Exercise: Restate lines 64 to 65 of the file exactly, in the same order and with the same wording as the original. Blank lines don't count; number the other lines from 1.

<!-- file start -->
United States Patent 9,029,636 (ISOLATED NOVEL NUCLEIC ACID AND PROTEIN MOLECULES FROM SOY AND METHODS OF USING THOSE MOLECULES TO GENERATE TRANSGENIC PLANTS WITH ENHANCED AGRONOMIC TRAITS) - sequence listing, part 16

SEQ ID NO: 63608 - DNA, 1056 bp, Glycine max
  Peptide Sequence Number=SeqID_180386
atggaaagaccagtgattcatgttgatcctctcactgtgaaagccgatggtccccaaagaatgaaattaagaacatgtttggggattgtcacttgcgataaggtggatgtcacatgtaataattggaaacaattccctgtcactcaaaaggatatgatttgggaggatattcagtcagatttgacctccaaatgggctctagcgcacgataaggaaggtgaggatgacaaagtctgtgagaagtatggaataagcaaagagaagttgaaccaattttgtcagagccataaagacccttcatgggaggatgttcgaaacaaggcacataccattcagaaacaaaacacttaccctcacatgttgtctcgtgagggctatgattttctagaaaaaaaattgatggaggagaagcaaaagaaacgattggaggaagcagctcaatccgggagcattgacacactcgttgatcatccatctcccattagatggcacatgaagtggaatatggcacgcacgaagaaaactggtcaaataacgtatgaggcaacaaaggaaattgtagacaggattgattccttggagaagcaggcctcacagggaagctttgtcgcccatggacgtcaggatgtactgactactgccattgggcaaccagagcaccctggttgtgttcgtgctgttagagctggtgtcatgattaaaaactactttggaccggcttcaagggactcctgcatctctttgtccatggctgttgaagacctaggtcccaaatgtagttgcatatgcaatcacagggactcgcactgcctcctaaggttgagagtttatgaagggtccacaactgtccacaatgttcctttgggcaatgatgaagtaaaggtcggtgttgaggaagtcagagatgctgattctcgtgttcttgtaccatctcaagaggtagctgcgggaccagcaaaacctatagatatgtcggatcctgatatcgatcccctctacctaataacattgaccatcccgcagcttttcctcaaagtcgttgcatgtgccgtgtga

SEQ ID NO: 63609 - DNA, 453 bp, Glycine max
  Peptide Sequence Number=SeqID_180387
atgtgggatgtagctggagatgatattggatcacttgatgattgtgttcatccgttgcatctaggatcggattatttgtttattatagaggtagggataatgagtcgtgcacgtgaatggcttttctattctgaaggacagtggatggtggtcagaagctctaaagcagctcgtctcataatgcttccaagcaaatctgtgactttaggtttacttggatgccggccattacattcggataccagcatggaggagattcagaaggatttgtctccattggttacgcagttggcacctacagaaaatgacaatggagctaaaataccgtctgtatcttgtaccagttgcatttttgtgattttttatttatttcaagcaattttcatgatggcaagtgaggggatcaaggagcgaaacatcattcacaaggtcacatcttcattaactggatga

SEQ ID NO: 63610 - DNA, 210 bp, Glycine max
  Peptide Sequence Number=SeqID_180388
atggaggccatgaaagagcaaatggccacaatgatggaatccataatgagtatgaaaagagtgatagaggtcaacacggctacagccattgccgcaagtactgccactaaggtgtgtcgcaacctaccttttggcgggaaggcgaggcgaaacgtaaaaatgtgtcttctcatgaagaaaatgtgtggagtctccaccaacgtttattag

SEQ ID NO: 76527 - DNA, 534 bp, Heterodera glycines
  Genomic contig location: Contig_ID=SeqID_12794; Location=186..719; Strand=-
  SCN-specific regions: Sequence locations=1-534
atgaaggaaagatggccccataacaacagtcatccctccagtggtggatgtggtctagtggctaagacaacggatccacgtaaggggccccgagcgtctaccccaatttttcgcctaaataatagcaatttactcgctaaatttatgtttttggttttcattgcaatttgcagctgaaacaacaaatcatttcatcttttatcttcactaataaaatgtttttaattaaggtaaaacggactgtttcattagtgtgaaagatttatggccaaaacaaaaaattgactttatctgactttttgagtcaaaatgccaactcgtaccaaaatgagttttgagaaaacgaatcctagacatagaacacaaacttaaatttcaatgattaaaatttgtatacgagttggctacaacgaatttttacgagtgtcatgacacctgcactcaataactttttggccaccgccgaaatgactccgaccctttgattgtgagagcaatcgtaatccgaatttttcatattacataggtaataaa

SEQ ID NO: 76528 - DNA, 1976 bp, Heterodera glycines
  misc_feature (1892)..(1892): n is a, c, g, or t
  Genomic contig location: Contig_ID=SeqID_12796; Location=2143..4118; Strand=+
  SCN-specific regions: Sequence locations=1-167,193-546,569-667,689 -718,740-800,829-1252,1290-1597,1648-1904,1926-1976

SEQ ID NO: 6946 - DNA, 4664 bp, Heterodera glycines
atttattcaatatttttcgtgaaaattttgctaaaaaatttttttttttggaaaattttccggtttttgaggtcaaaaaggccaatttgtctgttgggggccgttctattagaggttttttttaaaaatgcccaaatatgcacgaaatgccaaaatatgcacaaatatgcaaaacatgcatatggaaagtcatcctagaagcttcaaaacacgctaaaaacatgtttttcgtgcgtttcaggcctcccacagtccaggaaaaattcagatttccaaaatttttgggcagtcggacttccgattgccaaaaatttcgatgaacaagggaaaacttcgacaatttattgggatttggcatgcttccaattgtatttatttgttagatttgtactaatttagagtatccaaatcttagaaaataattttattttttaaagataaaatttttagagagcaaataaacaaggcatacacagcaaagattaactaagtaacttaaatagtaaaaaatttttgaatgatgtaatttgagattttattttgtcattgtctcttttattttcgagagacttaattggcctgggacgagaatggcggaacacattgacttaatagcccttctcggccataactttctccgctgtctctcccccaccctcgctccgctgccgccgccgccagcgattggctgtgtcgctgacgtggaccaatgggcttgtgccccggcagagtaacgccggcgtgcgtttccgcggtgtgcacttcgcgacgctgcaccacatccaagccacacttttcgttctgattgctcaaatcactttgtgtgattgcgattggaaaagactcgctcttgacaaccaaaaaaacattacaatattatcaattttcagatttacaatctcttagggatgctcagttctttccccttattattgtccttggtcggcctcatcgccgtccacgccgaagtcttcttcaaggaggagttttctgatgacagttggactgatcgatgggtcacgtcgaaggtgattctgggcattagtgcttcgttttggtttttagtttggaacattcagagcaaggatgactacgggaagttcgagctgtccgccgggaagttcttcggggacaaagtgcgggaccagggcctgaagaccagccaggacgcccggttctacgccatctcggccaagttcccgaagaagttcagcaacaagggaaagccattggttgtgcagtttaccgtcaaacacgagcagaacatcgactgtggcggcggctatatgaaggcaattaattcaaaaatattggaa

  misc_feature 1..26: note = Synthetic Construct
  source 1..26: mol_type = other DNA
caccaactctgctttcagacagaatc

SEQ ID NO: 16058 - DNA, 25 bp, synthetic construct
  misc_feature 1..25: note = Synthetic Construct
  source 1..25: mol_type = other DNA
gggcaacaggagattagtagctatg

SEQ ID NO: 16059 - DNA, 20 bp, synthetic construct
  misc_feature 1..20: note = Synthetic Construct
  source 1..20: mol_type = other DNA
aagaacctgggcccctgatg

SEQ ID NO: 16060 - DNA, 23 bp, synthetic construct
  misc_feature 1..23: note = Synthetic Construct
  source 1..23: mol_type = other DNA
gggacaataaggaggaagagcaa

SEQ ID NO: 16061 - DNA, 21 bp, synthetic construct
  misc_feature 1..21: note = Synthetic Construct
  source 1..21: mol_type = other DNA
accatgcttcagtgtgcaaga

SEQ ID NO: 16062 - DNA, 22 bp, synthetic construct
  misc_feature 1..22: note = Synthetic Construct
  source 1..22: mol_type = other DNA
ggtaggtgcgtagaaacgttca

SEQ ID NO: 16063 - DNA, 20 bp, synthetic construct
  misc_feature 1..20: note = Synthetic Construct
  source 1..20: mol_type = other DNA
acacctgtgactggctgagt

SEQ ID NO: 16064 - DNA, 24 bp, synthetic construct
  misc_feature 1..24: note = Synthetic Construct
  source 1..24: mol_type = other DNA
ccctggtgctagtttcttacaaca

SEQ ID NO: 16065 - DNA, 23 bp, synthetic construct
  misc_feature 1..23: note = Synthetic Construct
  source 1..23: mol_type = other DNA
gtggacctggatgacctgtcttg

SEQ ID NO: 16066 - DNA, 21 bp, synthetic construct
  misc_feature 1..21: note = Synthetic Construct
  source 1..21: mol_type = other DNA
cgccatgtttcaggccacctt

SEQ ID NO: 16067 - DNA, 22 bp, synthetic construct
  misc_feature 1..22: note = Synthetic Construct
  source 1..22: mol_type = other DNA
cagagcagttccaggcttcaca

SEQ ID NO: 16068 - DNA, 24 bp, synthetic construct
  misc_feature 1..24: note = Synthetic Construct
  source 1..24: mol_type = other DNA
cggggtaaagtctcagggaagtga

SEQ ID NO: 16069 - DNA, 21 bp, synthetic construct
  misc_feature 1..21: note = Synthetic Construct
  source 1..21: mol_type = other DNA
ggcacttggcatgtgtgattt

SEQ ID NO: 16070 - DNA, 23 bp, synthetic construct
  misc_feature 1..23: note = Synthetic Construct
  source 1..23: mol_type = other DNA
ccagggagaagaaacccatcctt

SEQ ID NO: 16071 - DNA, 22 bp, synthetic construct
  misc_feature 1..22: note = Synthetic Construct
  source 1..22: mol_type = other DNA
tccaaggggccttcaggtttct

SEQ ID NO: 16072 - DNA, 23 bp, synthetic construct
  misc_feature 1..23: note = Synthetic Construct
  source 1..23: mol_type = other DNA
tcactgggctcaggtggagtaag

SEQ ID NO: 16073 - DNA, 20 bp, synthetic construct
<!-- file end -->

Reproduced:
SEQ ID NO: 16068 - DNA, 24 bp, synthetic construct
  misc_feature 1..24: note = Synthetic Construct